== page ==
By: Duane Craig
It’s a good bet Texas has reasons other than self determination for having its own air quality implementation program and control over how environmental issues are regulated in the state. Those reasons come to light by analyzing its fee schedules for permitting the polluters to pollute, for inspecting their operations, for allowing them to do business in the state and for doing business on state owned properties.
As a line item in the 2010 Texas State Budget report, all licenses, fees, permits, fines and penalties equaled almost $7 billion in 2010. The oil and gas industry is a heavy polluter so besides fines and penalties, oil production and regulation taxes accounted for a little more than $1 billion in 2010. Then there is the natural gas production tax bringing in $725 million, the gas utility pipeline tax earning $14 million, a volatile chemical sales permit totaling $602,000, a few fuels transport taxes and oil and gas drilling permits at almost $9 million and oil and gas violations bringing in more than $4.6 million. Surface mining permits added another $1.5 million with air pollution control fees stacking up to $49 million. Then there are waste treatment inspection fees at $25.2 million, air pollution control fees of $49 million. Then there are all the oil and gas royalties Texas collects from oil companies with operations on state land which total more than $540 million.
Some people in Texas have wondered about the effectiveness of the Texas Commission on Environmental Quality when they see how deeply the money flows between it and polluters. At the TCEQ’s first legislative review held in December 2010, the agency was accused of “being too cozy with industry and ignoring public concerns,” and it was especially challenged to explain the approval of coal-fired power plant permits that had been recommended for denial by the state’s own administrative law judges, according to the article “TCEQ gets an earful from public,” 12/16/2010, Houston Chronicle.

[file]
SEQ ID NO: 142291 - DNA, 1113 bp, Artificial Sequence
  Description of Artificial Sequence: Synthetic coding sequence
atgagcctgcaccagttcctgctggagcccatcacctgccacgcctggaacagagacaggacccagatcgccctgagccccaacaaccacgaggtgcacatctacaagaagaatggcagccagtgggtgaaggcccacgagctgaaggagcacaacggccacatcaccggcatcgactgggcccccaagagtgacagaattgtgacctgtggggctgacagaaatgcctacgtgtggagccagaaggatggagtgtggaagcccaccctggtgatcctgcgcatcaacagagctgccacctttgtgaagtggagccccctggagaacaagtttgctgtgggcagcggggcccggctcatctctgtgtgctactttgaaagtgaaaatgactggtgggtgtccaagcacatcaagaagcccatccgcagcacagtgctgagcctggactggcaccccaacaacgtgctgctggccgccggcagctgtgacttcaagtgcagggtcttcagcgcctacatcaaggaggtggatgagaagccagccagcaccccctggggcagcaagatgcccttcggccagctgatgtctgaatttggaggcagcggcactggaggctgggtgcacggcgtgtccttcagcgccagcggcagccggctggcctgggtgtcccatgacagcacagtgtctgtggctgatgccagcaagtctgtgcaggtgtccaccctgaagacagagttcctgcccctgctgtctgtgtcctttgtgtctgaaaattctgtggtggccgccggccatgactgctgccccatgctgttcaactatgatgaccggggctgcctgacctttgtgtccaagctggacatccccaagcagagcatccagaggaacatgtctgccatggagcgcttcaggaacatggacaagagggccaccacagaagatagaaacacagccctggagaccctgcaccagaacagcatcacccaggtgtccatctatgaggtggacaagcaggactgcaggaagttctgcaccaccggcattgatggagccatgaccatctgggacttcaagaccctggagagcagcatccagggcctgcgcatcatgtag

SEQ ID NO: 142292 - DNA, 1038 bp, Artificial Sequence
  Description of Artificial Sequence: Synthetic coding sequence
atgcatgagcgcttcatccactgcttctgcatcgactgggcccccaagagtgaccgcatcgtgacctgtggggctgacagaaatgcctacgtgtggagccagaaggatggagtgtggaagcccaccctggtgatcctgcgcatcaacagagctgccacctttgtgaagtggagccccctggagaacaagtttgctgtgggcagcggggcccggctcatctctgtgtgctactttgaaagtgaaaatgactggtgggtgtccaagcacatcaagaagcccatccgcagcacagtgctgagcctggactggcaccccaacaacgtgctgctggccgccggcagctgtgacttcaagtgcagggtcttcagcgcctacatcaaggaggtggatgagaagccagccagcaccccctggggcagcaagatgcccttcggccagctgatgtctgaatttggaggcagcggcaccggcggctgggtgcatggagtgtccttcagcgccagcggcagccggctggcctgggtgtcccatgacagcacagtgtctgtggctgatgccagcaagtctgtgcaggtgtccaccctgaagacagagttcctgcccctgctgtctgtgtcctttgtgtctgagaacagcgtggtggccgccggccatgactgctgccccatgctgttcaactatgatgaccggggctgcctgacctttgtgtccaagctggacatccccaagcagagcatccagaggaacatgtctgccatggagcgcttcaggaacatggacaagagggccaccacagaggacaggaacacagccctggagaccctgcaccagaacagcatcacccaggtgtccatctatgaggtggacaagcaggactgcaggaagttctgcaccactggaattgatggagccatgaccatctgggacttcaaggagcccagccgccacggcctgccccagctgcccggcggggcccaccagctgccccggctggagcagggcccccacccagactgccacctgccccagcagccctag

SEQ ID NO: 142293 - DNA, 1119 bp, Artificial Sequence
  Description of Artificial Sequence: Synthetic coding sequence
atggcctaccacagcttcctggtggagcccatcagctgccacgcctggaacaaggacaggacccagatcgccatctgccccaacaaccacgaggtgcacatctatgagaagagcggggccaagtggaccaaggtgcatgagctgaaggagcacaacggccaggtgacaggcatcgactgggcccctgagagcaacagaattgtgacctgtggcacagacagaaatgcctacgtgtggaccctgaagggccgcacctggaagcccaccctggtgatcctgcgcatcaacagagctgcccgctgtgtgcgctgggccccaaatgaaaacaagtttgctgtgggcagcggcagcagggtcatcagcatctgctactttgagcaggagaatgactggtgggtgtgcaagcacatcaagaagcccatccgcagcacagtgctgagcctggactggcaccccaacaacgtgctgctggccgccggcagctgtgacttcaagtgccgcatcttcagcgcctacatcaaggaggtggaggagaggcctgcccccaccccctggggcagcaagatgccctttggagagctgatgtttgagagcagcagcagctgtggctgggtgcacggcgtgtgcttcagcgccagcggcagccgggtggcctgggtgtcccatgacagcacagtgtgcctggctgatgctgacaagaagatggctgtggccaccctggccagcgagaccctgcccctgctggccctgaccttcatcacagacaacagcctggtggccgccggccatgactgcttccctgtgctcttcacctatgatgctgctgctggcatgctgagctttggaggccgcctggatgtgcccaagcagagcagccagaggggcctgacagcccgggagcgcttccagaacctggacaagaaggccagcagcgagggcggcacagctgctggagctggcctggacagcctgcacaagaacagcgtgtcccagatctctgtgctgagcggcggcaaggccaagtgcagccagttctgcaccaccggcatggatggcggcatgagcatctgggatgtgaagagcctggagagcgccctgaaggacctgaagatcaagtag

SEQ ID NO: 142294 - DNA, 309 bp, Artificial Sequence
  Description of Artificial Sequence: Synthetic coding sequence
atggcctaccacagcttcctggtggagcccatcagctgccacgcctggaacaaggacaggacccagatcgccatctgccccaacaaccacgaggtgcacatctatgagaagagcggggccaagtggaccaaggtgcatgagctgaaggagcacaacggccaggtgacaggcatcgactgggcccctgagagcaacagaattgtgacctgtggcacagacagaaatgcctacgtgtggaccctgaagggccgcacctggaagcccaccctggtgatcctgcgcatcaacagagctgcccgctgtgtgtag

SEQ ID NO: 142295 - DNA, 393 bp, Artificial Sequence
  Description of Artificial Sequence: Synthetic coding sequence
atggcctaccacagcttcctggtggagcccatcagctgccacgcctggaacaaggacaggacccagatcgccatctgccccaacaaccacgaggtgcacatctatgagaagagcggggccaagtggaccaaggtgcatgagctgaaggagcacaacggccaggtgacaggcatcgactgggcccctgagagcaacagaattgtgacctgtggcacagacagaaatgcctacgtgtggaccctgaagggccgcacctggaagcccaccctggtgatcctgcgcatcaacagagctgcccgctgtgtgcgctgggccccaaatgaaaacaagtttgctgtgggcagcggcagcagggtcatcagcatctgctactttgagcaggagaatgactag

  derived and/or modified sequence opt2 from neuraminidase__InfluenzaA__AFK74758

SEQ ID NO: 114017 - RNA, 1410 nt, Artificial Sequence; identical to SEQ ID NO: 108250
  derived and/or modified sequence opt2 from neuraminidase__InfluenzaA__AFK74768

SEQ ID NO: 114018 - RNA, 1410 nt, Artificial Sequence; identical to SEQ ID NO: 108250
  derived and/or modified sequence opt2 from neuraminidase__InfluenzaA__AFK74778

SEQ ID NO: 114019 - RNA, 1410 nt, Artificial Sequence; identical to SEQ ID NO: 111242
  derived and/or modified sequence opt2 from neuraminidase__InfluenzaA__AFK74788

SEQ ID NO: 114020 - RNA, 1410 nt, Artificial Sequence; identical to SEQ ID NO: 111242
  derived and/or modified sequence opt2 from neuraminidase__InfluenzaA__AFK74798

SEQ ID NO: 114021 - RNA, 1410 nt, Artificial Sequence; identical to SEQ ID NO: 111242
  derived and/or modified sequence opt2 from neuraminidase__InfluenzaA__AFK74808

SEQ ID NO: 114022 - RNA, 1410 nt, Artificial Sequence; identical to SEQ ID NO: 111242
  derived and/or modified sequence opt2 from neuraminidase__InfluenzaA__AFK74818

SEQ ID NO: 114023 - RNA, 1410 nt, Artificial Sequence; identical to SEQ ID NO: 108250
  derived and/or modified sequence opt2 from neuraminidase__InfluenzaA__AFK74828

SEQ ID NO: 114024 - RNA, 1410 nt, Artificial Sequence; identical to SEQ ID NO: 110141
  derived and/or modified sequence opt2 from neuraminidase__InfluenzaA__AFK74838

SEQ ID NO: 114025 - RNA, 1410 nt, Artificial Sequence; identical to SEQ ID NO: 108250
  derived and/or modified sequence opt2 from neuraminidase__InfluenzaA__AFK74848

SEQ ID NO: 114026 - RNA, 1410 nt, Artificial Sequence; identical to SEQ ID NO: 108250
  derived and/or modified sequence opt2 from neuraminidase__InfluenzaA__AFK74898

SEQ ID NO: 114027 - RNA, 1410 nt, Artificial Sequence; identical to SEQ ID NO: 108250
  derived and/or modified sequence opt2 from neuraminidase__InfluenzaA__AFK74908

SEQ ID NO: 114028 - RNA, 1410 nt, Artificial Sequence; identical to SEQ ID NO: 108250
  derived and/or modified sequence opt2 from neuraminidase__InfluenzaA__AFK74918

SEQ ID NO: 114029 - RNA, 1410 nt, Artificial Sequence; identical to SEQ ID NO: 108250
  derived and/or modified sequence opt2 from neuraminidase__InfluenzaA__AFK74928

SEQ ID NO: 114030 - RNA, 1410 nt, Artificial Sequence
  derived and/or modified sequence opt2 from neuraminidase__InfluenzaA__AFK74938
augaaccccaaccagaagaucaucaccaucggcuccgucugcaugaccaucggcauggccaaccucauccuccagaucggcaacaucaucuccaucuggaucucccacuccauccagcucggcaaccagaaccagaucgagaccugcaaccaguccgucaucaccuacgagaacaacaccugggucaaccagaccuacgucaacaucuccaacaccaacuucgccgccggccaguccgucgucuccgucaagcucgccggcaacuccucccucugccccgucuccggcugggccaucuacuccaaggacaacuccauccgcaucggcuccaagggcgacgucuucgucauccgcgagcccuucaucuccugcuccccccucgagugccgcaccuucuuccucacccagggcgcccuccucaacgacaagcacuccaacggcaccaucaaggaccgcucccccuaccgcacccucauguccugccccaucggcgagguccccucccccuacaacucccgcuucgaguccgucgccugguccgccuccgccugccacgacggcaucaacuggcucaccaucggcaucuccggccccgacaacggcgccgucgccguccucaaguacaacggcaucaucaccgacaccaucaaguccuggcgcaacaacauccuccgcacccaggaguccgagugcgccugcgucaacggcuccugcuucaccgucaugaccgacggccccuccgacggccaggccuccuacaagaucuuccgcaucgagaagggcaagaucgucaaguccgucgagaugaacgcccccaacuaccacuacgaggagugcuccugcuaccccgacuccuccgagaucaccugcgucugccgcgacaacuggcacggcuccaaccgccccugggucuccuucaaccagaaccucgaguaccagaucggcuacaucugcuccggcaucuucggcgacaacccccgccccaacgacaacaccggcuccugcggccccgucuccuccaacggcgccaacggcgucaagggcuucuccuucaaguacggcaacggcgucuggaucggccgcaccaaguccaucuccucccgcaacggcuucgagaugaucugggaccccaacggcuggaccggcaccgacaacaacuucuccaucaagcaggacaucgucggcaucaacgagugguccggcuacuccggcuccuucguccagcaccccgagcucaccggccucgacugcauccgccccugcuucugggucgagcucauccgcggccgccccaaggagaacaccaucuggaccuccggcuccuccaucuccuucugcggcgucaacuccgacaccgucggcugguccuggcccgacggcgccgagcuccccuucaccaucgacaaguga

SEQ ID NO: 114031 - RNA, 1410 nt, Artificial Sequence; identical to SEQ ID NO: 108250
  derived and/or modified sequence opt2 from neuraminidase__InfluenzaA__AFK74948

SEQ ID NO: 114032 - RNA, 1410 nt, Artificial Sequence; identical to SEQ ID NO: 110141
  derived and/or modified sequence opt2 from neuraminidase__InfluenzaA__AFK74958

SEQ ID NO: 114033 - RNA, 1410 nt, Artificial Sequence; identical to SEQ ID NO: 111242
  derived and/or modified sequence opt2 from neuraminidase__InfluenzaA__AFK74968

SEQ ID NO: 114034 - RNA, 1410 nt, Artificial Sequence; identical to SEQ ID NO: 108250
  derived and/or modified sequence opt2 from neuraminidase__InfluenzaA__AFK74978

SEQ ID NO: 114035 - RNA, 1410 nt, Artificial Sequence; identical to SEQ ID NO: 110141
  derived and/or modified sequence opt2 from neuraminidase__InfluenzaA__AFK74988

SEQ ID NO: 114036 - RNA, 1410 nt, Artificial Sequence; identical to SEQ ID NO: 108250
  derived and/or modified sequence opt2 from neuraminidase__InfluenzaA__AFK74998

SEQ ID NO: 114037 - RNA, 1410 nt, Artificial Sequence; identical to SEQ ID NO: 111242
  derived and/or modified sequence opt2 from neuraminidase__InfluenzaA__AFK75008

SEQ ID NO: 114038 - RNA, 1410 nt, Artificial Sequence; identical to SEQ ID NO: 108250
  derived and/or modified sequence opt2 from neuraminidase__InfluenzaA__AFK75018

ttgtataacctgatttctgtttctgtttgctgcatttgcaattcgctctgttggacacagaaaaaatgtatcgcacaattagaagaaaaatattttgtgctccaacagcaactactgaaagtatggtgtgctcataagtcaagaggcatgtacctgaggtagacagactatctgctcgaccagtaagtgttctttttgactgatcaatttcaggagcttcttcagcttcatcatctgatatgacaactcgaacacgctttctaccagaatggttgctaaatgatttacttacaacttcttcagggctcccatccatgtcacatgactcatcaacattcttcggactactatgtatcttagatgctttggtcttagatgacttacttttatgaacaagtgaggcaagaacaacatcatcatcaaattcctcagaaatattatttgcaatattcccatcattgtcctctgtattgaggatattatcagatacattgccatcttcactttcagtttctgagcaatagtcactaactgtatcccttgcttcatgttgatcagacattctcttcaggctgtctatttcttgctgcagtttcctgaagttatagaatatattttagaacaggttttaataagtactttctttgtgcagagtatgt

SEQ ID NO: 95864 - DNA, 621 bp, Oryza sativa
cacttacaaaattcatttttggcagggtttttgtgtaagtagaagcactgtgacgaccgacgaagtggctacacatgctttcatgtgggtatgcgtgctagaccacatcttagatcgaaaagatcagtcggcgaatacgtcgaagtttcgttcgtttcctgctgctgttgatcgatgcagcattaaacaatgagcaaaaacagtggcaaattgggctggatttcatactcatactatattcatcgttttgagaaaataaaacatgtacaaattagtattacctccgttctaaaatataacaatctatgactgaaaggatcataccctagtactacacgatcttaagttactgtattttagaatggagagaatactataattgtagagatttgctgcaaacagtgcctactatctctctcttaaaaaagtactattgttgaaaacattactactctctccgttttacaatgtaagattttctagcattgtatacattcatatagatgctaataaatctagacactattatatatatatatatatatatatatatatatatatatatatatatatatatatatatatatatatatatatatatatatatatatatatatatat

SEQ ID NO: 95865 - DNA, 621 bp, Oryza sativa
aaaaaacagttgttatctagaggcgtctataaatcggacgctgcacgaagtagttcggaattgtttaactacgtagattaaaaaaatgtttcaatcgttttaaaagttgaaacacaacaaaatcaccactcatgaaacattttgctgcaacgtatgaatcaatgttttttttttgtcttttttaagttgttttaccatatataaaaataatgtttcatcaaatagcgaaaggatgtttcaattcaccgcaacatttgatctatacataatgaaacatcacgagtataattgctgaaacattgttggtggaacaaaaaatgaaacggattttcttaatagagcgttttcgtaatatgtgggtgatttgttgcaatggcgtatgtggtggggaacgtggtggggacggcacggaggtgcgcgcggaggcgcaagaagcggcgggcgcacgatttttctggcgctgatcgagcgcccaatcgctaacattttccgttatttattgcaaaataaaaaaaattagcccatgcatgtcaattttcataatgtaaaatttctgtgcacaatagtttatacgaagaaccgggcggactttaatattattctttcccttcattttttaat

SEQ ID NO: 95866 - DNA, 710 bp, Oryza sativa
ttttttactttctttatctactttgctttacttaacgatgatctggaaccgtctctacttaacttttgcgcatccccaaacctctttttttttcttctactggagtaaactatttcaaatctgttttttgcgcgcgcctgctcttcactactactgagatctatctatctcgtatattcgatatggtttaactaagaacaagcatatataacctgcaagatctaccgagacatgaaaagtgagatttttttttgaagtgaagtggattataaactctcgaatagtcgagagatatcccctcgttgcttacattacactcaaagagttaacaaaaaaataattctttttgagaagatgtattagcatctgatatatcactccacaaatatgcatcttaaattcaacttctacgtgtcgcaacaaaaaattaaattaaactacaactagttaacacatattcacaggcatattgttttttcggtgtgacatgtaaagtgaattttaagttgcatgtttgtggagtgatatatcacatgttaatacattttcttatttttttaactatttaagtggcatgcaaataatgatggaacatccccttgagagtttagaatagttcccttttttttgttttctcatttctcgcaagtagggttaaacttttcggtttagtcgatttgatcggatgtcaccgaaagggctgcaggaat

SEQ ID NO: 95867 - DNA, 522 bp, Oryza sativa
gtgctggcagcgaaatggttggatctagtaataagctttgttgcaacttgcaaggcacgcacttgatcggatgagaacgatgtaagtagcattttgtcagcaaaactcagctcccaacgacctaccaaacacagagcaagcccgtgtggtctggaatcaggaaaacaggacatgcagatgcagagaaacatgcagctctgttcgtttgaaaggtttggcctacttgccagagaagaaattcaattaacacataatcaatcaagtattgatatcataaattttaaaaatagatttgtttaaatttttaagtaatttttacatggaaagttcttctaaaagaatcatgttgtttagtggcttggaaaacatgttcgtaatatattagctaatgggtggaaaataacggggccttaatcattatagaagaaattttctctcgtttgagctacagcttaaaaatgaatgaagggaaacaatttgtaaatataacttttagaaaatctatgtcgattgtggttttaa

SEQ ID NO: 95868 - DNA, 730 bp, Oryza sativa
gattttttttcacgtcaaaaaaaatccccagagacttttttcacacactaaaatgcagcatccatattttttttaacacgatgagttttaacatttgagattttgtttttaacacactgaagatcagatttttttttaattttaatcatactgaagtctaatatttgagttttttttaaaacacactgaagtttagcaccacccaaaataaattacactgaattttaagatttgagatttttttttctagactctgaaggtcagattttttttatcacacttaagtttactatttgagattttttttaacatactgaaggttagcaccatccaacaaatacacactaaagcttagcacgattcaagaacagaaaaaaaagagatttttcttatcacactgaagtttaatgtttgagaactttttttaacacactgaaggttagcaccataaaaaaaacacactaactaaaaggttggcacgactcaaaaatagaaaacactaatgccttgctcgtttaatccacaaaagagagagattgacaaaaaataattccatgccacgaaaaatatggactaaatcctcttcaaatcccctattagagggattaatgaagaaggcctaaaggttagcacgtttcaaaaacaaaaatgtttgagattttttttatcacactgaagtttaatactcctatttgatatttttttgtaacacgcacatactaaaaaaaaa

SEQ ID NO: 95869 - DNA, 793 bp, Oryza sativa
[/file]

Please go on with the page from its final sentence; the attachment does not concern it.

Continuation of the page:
What many people haven’t really grasped yet is that governments depend upon polluting industries for operating revenues. In a way, pollution is big business, supplying money for state payrolls and operations related to managing it. Perhaps though, there is a conflict of interest when a state regulates a business that it also receives royalties from, a situation that could lead to more lax regulation when it comes to the environment.